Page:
Rubaie denied the overriding reality of sectarian violence in Baghdad because his government is tied to the Shiite belligerents in that conflict. While Prime Minister Nouri al-Maliki pays lip service to Bush's demand that he crack down on Mahdi Army commander Moqtada al-Sadr, U.S. officials recognize that Maliki's political support depends on the Shiite militia leader. Thus, Maliki's government is in denial about sectarian conflict. Maliki did not show up for a news conference in which he was scheduled to comment on Bush's new strategy, and he personally remains silent about the plan at this writing.

This hastens the desire of Republicans, who once cheered the Bush Doctrine in the Middle East, to remove U.S. forces from a politically deteriorating condition as soon as possible. "Iraq is a black hole for the Republican Party," a prominent party strategist told me this week. What makes his comments so important is that he is not a maverick Republican in Congress but one of Bush's principal political advisers.

As they adjust to the 2006 election returns, Republicans recognize that this was no isolated bump in the road. The loss of about 320 state legislative seats across the country to the Democrats classifies last year's election as a midrange electoral disaster.

The internal Republican debate concerns how much Iraq contributed to this outcome. The White House and Republican members of Congress who voted for intervention in Iraq contend that many issues led to their defeat: incompetent management of the Hurricane Katrina crisis, widespread cases of corruption and abandonment of spending restraint. But Republicans at the grass roots tell me that Iraq was the central problem and must be erased as an issue.....

Shapiro speaks on globalization at EPI

One of the most important governing challenges facing our nation is to ensure that American corporations, capital and people all prosper together in this age of ever more intense globalization.

To that end, last year NDN established a new Globalization Initiative led by Dr. Robert J. Shapiro, a former Under Secretary of Commerce for Economic Affairs in the Clinton Administration. On our website you can find an overview of the project and its work, including video of our major events, speeches, studies, policy recommendations and essays.

Last week, Rob Shapiro was a featured speaker at the Economic Policy Institute's forum: Agenda for Shared Prosperity, where he spoke about "The Challenges of Globalization":

If we don’t step up to plate with serious answers to reduce the rapid increases in health care, pension and energy costs – three areas in which the current administration has been missing in action for six years – the U.S. job creating machine will stall out, and the incomes of a majority of Americans will slowly fall for the next generation. If we don’t step up to the plate with a serious training and education strategies that can ensure that Americans can do their jobs more efficiently than anyone in any developing country –another area where this administration has checked out – offshore outsourcing, especially in the new areas of services, will hollow out part of the American middle class.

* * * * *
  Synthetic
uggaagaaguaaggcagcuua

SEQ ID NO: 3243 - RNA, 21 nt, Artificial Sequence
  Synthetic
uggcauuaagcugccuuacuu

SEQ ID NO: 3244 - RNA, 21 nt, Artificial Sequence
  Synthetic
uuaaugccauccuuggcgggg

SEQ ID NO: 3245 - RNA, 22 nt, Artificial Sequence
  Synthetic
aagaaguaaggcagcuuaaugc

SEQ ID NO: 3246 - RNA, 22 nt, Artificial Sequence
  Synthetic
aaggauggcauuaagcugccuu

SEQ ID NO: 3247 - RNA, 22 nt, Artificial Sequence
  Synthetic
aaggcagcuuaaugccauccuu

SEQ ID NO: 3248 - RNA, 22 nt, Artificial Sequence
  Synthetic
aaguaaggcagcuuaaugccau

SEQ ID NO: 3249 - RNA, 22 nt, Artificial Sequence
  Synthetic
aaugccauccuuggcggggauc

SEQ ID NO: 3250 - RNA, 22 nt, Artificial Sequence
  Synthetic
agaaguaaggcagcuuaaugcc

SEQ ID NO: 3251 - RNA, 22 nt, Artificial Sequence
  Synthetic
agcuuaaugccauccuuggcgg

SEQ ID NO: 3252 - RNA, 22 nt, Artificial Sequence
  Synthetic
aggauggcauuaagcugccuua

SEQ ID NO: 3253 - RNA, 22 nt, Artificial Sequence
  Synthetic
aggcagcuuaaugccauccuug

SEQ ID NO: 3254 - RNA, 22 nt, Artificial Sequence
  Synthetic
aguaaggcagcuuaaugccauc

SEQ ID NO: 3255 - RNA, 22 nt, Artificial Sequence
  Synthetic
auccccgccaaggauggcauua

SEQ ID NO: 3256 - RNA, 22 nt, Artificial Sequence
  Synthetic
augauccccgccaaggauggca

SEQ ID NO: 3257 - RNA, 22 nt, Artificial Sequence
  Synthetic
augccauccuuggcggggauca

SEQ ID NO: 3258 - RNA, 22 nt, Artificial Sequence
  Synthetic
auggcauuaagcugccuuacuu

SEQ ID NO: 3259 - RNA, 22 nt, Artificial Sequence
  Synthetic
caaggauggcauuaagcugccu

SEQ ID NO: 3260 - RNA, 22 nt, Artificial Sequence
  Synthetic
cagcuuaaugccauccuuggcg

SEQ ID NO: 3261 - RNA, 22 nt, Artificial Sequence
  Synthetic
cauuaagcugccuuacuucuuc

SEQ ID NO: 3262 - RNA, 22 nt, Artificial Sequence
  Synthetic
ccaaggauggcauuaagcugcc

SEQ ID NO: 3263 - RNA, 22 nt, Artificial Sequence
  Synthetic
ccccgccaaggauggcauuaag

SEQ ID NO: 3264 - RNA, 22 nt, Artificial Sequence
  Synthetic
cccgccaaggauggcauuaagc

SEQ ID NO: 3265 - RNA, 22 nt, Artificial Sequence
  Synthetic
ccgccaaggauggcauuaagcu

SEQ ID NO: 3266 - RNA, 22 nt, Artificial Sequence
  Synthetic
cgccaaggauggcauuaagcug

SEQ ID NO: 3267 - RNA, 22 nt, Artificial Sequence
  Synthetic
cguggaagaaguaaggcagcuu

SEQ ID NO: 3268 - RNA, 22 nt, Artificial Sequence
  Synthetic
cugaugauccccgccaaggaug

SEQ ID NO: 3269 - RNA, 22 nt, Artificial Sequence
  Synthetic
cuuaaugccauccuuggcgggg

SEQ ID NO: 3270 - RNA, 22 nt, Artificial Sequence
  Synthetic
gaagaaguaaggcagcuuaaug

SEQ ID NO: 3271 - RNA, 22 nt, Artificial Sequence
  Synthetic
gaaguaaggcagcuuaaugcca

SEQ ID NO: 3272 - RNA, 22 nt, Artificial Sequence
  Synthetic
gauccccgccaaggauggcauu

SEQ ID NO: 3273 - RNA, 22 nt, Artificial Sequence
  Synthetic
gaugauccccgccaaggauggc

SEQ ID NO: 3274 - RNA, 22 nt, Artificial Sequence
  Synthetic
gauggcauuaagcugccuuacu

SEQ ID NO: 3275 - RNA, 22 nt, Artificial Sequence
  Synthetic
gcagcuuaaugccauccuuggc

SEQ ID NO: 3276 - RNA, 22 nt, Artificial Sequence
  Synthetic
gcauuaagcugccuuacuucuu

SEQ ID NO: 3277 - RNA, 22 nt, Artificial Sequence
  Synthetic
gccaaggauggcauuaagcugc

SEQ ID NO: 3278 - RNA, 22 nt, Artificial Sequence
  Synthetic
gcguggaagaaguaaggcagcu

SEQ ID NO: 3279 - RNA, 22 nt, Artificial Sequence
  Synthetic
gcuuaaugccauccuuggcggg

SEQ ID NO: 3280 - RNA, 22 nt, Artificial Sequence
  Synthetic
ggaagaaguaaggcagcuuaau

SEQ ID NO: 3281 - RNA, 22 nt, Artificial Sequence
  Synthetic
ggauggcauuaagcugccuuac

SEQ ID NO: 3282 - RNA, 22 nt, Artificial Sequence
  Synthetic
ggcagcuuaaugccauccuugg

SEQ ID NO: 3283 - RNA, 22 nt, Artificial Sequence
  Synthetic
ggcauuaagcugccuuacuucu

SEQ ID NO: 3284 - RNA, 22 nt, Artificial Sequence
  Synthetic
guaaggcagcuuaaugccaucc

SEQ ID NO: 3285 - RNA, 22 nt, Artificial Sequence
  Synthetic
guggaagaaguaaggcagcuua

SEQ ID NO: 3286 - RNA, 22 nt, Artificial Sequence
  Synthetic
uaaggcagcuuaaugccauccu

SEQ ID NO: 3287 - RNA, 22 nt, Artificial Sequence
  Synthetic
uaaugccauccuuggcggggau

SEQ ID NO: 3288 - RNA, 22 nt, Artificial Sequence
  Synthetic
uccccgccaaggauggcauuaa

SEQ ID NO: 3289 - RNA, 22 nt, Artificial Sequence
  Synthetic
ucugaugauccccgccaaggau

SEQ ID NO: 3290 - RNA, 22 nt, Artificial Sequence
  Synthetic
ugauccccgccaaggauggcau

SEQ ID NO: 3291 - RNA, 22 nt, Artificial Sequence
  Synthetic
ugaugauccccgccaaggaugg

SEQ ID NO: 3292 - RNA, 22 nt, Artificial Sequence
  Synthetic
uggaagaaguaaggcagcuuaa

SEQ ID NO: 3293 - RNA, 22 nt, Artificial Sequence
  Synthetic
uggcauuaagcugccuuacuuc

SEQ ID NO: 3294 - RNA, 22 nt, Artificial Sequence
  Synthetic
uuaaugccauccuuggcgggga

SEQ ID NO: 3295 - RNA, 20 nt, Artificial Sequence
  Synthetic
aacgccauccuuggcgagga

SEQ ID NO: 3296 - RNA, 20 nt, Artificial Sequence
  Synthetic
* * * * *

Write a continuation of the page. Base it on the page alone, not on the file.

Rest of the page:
You can find his complete remarks, reflecting his latest thinking on our website, and feel free to weigh in with comments here on our blog.

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Related links:
Watch
EPI's Ross Eisenbray at a recent Globalization Initiative event

Why is the Administration surprised that Iran is gaining regional influence?

After our country was attacked in 2001 there were many ways our government could respond.  The path we choose - of the many we could have chosen – removing the Taliban and Saddam Hussein from power and establishing a Shiite-led government in Iraq was almost certainly going to strengthen the regional hand of Iran.

I wrote a long post about all this recently, so I won’t repeat it here. While I am not excited about the idea of Iran’s growing regional influence, that our government is responding to this very predictable regional development, of our own making, with belligerence and outrage is another moment of almost unbelievable American arrogance and folly.

Here’s the chief architect of our global policy of arrogance and folly waking up to the new regional political dynamic his strategy has created:

On Sunday, Vice President Dick Cheney argued that America’s actions were intended to protect allies in the Persian Gulf — though it is far from clear that Iran’s Sunni Arab neighbors have signed on to the strategy. “If you go and talk with the gulf states or if you talk with the Saudis or if you talk about the Israelis or the Jordanians, the entire region is worried,” Mr. Cheney said on “Fox News Sunday.” He described how the Iranians “sit astride the Straits of Hormuz” and its oil-shipping channels, and how they support Hamas and Hezbollah. “So the threat that Iran represents is growing,” he said, in words reminiscent of how he once built a case against Mr. Hussein. “It’s multidimensional, and it is, in fact, of concern to everybody in the region.”